Skip to comments.This week in history: Saddam Hussein's Iraq invades Kuwait
Posted on 08/02/2014 2:11:59 PM PDT by Kid Shelleen
On Aug. 2, 1990, Iraq invaded its neighbor Kuwait, triggering a series of events that would culminate in the 1991 Gulf War. Iraqi President Saddam Hussein ordered the invasion, citing unfair Kuwaiti economic practices, perhaps owing to an unclear understanding of America's position.
Hussein had become president of Iraq in 1979, though he had been the power behind the scenes for many years prior. That same year saw tremendous upheaval in Persian Iran, Iraq's eastern neighbor. The Iranian Revolution was rooted in Islamic fundamentalism and rejected secular influences like capitalism, communism, nationalism and liberalism. By contrast, Hussein was an Arab nationalist leader who paid lip service to Islam, but who held Adolf Hitler and Josef Stalin as his role models.
(Excerpt) Read more at deseretnews.com ...
"Free Republic is here to continue fighting for independence and freedom and against the unconstitutional encroachment of ever expanding socialist government...
We believe in the founding principles with all our hearts and mean to defend them to our dying breath..."
Guess he lost his head....
A lot of good came out of Operation Desert Storm including a greatly weakened Iraq and a greatly strengthened US presence in the region. Especially with the over-flights of Iraq and the closing of Iraqi air-space to Iraqi planes, we really had Iraq pinned down while leaving the dirty work of holding down the Islamic Fundamentalists to Hussein himself. I greatly miss that situation and wish it were still in place today.
I praise and honor President GHW Bush and the excellent job he did constructing and executing Operation Desert Storm. He might not have been all he could have been as a Conservative, but he certainly measured up as a President who advanced the interests of the United States in the world.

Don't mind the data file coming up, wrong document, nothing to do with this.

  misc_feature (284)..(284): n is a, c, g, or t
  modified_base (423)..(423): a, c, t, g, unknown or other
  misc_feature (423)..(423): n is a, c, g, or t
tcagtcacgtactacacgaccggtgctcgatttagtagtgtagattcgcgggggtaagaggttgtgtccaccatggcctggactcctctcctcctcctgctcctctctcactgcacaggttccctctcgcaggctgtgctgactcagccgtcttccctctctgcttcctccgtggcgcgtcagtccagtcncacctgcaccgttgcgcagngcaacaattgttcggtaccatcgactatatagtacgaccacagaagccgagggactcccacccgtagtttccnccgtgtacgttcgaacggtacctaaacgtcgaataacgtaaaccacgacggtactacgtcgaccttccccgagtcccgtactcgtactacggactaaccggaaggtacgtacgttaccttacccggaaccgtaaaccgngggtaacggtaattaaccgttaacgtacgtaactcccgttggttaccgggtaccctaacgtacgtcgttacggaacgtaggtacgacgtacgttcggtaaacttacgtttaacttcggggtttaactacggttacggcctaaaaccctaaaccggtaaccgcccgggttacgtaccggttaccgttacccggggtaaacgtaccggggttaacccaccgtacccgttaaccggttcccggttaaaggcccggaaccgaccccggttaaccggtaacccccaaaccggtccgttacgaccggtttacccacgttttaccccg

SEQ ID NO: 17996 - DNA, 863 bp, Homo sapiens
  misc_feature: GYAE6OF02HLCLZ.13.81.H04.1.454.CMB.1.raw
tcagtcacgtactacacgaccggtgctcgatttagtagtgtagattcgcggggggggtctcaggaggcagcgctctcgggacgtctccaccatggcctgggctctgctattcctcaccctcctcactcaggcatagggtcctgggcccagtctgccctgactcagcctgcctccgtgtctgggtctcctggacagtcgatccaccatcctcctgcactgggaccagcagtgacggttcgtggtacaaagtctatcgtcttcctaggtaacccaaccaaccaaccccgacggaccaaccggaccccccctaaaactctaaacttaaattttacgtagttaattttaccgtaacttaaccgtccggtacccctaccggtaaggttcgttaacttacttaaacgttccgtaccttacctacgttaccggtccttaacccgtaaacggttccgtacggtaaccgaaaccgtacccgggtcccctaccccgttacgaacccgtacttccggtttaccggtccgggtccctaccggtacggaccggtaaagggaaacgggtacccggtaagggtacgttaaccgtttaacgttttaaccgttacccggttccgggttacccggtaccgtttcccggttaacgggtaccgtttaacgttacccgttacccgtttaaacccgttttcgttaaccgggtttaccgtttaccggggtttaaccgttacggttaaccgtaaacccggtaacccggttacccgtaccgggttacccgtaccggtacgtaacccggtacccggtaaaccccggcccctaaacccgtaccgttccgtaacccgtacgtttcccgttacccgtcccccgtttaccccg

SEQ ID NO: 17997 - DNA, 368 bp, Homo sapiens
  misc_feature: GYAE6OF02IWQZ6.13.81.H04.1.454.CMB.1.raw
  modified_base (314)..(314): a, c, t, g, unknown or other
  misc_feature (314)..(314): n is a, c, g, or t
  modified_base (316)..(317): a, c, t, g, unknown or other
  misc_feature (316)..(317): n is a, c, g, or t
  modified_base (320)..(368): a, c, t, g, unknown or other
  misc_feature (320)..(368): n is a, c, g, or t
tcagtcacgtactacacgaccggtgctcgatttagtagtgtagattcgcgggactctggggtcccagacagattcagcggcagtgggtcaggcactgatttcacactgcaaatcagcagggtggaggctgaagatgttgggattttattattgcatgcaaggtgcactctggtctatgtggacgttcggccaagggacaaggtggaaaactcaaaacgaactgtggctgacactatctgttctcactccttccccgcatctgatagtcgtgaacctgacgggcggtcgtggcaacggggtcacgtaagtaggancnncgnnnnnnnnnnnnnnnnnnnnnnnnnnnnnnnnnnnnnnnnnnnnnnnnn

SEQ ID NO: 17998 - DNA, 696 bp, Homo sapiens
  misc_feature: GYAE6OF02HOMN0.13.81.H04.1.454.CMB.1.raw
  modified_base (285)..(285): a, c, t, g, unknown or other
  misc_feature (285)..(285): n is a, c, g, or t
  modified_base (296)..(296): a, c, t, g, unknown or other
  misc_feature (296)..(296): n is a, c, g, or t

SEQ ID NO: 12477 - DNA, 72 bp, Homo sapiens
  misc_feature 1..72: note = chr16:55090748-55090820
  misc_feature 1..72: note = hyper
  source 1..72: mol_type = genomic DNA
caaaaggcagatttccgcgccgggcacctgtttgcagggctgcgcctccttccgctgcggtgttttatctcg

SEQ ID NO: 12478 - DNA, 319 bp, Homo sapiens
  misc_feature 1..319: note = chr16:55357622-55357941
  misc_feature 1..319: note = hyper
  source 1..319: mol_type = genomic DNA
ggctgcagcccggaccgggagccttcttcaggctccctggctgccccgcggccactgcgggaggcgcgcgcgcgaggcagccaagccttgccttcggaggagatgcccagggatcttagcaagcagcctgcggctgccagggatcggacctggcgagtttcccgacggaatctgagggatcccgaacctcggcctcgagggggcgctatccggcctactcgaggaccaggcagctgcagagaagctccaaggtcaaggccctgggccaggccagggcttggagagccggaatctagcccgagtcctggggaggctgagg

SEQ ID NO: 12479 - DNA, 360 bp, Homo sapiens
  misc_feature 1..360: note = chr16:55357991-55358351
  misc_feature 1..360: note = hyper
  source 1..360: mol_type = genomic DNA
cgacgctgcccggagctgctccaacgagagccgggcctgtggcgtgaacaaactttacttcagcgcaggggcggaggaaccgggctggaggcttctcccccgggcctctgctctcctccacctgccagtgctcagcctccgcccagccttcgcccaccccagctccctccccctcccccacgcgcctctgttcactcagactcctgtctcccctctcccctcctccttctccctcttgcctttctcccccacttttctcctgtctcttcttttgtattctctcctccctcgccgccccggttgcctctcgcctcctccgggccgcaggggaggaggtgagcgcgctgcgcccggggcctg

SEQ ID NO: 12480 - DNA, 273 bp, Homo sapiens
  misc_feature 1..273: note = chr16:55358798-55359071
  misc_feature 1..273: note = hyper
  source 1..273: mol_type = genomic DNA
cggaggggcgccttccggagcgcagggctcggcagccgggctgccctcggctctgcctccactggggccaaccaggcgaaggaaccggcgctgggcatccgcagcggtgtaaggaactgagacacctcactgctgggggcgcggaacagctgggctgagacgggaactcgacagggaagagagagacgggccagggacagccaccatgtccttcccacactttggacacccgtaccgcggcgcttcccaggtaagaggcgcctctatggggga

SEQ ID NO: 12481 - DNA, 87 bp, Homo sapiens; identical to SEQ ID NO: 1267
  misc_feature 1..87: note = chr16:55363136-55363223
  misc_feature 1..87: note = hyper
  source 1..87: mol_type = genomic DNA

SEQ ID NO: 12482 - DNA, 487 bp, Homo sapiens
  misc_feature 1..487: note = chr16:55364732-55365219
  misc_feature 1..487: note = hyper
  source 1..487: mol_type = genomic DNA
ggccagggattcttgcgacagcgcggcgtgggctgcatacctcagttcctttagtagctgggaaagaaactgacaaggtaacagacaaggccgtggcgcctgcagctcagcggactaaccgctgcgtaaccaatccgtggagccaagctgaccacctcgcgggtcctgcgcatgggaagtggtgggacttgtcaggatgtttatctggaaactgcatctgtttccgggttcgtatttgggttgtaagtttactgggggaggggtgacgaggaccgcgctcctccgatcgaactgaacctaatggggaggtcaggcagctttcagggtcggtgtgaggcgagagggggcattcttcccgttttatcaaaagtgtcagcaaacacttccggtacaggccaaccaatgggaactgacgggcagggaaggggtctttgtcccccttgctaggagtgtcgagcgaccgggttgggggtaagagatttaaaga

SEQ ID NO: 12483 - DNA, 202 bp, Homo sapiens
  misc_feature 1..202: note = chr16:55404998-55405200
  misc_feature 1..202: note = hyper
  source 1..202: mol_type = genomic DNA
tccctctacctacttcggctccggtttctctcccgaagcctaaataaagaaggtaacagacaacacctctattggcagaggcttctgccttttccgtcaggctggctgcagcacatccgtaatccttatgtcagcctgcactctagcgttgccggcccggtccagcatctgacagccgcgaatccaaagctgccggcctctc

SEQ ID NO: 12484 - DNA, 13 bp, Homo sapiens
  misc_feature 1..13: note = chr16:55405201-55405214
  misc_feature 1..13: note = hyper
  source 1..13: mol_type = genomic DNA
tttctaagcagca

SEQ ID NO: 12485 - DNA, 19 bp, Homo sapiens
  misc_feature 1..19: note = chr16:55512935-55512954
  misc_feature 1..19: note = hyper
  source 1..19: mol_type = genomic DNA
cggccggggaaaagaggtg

I remember that. I was a senior in college and filling in some open electives. One class was “Middle Eastern History” and my prof. completely missed the bus on Husseins Invasion of Kuwait. There was a lot of belligerent rhetoric before the invasion and she kept saying “ Hussein is just talking tough”. Boy was she pissed when she had to answer student questions in class the day after the invasion. I also was taking “Political History of The Soviet Union” at that time- as it was collapsing under its own weight. The prof. would literally come in and say “ you remember what I taught you last week about the political structure of the soviet republics? Forget it, it’s all changed”. Poor guy, he was pulling his hair out as his syllabus went up in smoke.
He did end it just a little too early
The article gives a nice concise background on the war. A lot of people forget how the Iran - Iraq conflict contributed to the Kuwait invasion. Did your prof ever mention how the Carter Administration bungled the Iran foreign policy?
We should have gotten a lot more concessions out of the Saudis, UAE’s and Kuwait to defend their sandy asses
If she did, she blew past it in a perfunctory manner like a good lib. Of course, I was old enough to remember the shah being deposed and the “desert one” fiasco firsthand. So I had an understanding of that anyways without her “help”.
In retrospect, it sure looks like the Saudis were, and still are, calling the shots.
Saddam had these grandiose plans for Pan-Arabic unity with himself at the forefront, but reached the end of his rope & just choked
I was in the Army for only a week when we heard Iraq invaded Kuwait. I made it over there for Desert storm. I drove a fuel truck all over the desert there. It was a minor part but sometimes you get to be in on History.
Thank you for doing your part, too!
U r Welcome. :)
Looking back, I don’t know why we felt the need to get involved in intra-Arab disputes. The Kuwaitis certainly aren’t saints.
Spent the greater part of my last year on active duty deployed to Oman for Desert Storm. I went where I was told to go and did what I was trained to do.
Thank you for your service, FRiend.